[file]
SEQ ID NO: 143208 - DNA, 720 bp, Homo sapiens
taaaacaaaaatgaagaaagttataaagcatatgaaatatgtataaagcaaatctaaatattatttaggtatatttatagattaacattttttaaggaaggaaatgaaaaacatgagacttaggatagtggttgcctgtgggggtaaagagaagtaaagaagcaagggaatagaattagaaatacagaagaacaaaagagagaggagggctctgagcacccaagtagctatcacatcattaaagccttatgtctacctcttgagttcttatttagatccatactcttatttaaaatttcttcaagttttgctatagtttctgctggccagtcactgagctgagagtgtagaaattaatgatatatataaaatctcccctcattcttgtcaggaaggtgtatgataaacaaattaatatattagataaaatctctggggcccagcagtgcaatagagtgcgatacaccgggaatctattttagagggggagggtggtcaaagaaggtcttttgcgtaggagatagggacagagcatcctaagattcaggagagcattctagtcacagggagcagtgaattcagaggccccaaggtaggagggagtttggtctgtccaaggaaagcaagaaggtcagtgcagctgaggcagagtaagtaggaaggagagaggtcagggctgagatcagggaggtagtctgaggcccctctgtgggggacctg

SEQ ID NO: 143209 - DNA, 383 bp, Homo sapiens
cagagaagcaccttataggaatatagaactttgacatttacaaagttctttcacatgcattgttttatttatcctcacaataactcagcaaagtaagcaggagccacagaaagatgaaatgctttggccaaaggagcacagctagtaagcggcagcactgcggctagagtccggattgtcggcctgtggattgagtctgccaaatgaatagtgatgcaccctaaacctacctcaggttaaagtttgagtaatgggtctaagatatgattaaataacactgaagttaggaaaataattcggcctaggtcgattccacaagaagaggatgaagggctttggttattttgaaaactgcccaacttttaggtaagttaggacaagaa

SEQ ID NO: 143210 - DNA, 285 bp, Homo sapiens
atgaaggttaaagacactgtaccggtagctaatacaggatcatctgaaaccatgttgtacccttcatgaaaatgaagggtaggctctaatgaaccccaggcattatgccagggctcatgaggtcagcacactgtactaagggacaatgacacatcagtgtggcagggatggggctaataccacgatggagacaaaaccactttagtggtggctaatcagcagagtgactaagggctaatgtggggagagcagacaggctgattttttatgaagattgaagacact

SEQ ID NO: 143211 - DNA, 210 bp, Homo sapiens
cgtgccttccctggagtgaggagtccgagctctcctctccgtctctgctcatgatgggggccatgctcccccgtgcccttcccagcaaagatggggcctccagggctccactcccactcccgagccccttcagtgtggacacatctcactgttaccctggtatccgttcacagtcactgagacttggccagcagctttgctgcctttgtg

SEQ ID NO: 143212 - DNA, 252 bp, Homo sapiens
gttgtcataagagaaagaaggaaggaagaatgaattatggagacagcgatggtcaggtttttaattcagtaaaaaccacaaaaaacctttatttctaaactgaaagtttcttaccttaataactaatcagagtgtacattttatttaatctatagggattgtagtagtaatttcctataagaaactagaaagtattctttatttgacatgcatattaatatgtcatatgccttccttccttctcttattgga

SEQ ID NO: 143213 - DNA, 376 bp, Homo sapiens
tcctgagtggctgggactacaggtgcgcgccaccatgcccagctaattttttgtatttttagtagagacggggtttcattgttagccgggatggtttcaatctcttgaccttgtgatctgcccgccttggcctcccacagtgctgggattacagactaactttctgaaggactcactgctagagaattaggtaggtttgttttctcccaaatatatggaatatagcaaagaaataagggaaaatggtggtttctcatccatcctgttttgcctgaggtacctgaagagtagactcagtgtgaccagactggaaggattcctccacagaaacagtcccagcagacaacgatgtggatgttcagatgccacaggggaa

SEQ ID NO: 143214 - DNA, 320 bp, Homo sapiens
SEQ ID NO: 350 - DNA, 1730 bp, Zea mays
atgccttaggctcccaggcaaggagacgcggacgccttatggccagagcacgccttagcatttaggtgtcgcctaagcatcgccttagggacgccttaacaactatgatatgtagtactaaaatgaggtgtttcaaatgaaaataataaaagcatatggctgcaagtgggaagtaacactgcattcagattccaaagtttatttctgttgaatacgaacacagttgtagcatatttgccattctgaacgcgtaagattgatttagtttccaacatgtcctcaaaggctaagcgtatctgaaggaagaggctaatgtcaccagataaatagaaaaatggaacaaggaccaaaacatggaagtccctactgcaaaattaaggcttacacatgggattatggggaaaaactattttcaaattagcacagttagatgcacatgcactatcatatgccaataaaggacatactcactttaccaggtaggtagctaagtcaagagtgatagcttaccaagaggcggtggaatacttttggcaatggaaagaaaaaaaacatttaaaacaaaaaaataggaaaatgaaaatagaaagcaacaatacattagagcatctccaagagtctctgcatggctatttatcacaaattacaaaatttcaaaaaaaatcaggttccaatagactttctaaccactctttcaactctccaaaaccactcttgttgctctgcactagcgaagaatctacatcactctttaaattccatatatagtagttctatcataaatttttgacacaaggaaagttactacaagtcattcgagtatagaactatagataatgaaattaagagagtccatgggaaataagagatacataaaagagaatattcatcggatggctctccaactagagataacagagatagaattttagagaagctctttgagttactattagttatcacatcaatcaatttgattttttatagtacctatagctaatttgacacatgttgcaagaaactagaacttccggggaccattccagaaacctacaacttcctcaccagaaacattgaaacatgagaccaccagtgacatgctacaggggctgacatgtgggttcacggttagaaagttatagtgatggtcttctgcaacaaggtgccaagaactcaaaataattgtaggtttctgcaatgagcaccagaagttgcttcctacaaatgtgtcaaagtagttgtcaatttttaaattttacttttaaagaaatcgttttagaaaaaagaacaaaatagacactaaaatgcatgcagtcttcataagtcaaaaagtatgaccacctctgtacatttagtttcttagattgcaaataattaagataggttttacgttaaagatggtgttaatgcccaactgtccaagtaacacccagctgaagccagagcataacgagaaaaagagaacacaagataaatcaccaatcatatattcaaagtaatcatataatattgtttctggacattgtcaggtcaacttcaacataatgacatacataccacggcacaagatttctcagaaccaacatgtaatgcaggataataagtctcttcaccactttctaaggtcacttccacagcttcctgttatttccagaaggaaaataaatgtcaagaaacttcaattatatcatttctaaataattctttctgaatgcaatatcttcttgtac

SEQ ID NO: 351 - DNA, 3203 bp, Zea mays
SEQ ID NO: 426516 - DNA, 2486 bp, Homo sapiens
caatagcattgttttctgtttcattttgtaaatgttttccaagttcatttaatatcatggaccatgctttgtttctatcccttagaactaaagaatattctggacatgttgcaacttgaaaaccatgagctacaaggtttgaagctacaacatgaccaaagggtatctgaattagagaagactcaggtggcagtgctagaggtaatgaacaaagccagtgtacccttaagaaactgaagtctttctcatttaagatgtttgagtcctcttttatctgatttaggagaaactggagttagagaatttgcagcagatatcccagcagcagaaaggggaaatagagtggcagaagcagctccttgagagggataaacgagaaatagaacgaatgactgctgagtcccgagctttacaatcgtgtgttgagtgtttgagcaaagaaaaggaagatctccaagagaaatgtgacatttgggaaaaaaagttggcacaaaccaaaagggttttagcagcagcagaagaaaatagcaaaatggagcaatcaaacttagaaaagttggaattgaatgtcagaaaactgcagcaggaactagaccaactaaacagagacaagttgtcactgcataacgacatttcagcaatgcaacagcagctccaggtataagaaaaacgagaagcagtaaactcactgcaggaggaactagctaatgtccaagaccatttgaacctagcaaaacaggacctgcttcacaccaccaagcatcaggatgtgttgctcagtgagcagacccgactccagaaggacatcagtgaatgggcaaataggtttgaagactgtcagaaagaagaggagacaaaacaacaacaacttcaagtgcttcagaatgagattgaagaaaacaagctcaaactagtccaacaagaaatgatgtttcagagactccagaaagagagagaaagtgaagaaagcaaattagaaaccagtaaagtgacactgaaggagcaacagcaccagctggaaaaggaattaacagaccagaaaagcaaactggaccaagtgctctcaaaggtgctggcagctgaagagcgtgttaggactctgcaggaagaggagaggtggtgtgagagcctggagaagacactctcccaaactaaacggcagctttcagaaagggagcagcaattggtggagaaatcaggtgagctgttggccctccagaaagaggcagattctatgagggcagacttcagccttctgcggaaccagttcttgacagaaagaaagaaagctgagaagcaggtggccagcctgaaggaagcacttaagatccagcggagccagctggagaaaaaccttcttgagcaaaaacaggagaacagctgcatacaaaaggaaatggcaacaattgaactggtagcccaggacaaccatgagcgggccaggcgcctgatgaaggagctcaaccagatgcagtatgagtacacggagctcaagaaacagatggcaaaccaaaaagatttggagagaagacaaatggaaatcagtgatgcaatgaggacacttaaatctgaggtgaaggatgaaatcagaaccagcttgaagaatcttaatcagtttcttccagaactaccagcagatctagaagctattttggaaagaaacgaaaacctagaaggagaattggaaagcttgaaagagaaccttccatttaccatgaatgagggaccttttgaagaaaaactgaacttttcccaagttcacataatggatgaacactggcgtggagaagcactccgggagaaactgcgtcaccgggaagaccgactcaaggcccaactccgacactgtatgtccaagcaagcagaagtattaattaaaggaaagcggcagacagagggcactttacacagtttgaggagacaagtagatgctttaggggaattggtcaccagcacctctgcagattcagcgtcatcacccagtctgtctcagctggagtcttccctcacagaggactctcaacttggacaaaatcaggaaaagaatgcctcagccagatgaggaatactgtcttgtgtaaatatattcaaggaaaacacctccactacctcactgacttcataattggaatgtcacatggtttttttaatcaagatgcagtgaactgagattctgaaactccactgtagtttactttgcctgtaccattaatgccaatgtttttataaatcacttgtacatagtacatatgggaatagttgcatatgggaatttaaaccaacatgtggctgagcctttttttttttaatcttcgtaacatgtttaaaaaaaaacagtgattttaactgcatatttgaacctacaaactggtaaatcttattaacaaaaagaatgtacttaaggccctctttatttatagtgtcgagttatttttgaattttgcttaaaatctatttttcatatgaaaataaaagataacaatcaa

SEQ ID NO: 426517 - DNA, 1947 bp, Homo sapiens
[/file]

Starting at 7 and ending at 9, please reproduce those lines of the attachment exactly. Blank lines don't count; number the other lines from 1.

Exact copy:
SEQ ID NO: 143211 - DNA, 210 bp, Homo sapiens
cgtgccttccctggagtgaggagtccgagctctcctctccgtctctgctcatgatgggggccatgctcccccgtgcccttcccagcaaagatggggcctccagggctccactcccactcccgagccccttcagtgtggacacatctcactgttaccctggtatccgttcacagtcactgagacttggccagcagctttgctgcctttgtg

SEQ ID NO: 143212 - DNA, 252 bp, Homo sapiens